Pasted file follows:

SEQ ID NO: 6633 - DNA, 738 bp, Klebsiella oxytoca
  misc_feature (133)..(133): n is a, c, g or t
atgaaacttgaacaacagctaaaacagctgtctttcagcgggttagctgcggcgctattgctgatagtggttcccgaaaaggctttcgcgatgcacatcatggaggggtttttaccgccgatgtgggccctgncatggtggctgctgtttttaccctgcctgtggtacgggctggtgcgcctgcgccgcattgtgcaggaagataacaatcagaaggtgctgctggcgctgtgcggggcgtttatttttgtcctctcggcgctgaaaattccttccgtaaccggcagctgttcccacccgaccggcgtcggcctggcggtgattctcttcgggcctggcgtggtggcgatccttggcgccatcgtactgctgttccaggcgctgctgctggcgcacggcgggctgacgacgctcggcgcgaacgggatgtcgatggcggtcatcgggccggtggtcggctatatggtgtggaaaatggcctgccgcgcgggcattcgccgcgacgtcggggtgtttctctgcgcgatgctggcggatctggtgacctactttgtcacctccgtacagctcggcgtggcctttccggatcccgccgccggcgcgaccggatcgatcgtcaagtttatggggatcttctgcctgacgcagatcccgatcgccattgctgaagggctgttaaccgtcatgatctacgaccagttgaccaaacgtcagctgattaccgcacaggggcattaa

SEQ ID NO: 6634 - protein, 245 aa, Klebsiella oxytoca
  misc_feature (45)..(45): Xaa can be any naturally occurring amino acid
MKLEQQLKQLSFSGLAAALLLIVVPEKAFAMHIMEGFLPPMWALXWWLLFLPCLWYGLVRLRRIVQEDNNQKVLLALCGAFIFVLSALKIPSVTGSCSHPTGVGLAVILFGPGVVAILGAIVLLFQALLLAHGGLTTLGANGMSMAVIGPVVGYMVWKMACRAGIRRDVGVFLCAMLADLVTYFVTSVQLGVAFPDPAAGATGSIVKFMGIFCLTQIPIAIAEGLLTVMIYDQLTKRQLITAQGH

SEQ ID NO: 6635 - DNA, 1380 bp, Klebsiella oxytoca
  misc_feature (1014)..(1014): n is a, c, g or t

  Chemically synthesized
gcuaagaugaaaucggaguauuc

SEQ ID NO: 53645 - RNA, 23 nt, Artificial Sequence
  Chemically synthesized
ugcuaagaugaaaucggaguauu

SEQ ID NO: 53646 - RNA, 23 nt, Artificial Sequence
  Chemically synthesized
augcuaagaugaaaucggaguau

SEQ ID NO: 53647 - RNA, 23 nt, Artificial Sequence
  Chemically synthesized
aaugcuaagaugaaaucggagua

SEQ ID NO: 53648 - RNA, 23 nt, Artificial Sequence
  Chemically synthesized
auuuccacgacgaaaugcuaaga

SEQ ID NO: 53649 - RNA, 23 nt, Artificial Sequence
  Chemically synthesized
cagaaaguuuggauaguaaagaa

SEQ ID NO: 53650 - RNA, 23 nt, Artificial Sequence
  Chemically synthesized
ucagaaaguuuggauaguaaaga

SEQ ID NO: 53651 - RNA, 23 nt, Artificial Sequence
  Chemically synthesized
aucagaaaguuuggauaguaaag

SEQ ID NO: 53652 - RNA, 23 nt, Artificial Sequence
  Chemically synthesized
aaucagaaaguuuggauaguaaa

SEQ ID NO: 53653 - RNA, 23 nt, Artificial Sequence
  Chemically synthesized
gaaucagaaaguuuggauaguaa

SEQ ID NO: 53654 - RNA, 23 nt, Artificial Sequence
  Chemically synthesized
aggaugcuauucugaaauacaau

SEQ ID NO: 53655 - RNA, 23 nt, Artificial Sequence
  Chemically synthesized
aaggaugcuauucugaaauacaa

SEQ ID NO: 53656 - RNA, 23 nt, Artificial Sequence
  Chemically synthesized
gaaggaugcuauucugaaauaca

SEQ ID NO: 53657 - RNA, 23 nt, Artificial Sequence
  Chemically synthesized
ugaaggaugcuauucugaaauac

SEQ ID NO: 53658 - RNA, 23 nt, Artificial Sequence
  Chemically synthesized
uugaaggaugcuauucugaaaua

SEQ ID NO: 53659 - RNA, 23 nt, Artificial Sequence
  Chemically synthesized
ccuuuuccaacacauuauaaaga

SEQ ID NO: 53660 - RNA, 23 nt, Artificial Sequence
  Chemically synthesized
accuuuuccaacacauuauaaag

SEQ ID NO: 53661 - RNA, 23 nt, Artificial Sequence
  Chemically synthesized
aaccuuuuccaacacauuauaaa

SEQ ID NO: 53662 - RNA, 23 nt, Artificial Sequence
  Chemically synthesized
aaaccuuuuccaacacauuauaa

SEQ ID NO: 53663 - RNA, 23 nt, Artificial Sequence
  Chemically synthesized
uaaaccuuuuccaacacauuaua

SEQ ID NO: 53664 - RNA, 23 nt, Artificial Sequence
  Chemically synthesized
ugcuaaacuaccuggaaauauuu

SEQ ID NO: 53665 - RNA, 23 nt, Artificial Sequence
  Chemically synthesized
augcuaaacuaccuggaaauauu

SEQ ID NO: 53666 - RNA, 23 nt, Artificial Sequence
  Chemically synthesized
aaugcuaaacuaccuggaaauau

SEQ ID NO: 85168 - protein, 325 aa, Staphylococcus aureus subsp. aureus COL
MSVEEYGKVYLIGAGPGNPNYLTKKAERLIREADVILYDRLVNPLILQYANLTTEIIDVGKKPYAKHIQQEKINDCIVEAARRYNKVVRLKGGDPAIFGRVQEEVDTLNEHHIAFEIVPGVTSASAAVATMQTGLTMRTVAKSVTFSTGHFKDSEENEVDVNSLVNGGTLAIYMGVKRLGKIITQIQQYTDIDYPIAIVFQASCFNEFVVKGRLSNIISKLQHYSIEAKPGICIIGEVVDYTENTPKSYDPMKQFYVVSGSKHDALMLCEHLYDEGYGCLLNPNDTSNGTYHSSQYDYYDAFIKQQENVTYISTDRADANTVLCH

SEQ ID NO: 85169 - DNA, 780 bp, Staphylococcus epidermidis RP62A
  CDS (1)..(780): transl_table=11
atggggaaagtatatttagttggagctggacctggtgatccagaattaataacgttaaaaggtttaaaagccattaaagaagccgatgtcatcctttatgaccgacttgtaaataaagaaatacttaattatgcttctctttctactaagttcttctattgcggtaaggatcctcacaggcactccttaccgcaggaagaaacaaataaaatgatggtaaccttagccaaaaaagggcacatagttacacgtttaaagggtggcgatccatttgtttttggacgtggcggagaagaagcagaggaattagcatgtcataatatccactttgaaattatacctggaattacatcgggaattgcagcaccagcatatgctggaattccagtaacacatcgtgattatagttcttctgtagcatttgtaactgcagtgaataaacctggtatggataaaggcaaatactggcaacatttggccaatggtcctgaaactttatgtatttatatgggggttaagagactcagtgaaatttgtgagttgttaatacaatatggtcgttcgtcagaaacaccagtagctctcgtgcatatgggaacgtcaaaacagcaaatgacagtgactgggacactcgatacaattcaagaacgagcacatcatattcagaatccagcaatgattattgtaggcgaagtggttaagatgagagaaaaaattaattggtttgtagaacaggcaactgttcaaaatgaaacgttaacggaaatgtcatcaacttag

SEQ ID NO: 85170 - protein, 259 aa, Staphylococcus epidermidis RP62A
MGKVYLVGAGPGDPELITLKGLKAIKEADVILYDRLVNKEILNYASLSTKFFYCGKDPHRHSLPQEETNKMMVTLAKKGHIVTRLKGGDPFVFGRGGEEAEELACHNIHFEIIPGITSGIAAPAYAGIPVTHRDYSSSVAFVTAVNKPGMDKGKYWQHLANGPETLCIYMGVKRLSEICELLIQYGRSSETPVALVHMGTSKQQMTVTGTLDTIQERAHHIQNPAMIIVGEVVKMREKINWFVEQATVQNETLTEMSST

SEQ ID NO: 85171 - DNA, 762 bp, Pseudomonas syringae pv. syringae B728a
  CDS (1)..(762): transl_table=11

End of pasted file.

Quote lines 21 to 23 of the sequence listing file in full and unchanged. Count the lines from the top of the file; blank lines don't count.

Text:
  Chemically synthesized
auuuccacgacgaaaugcuaaga

SEQ ID NO: 53649 - RNA, 23 nt, Artificial Sequence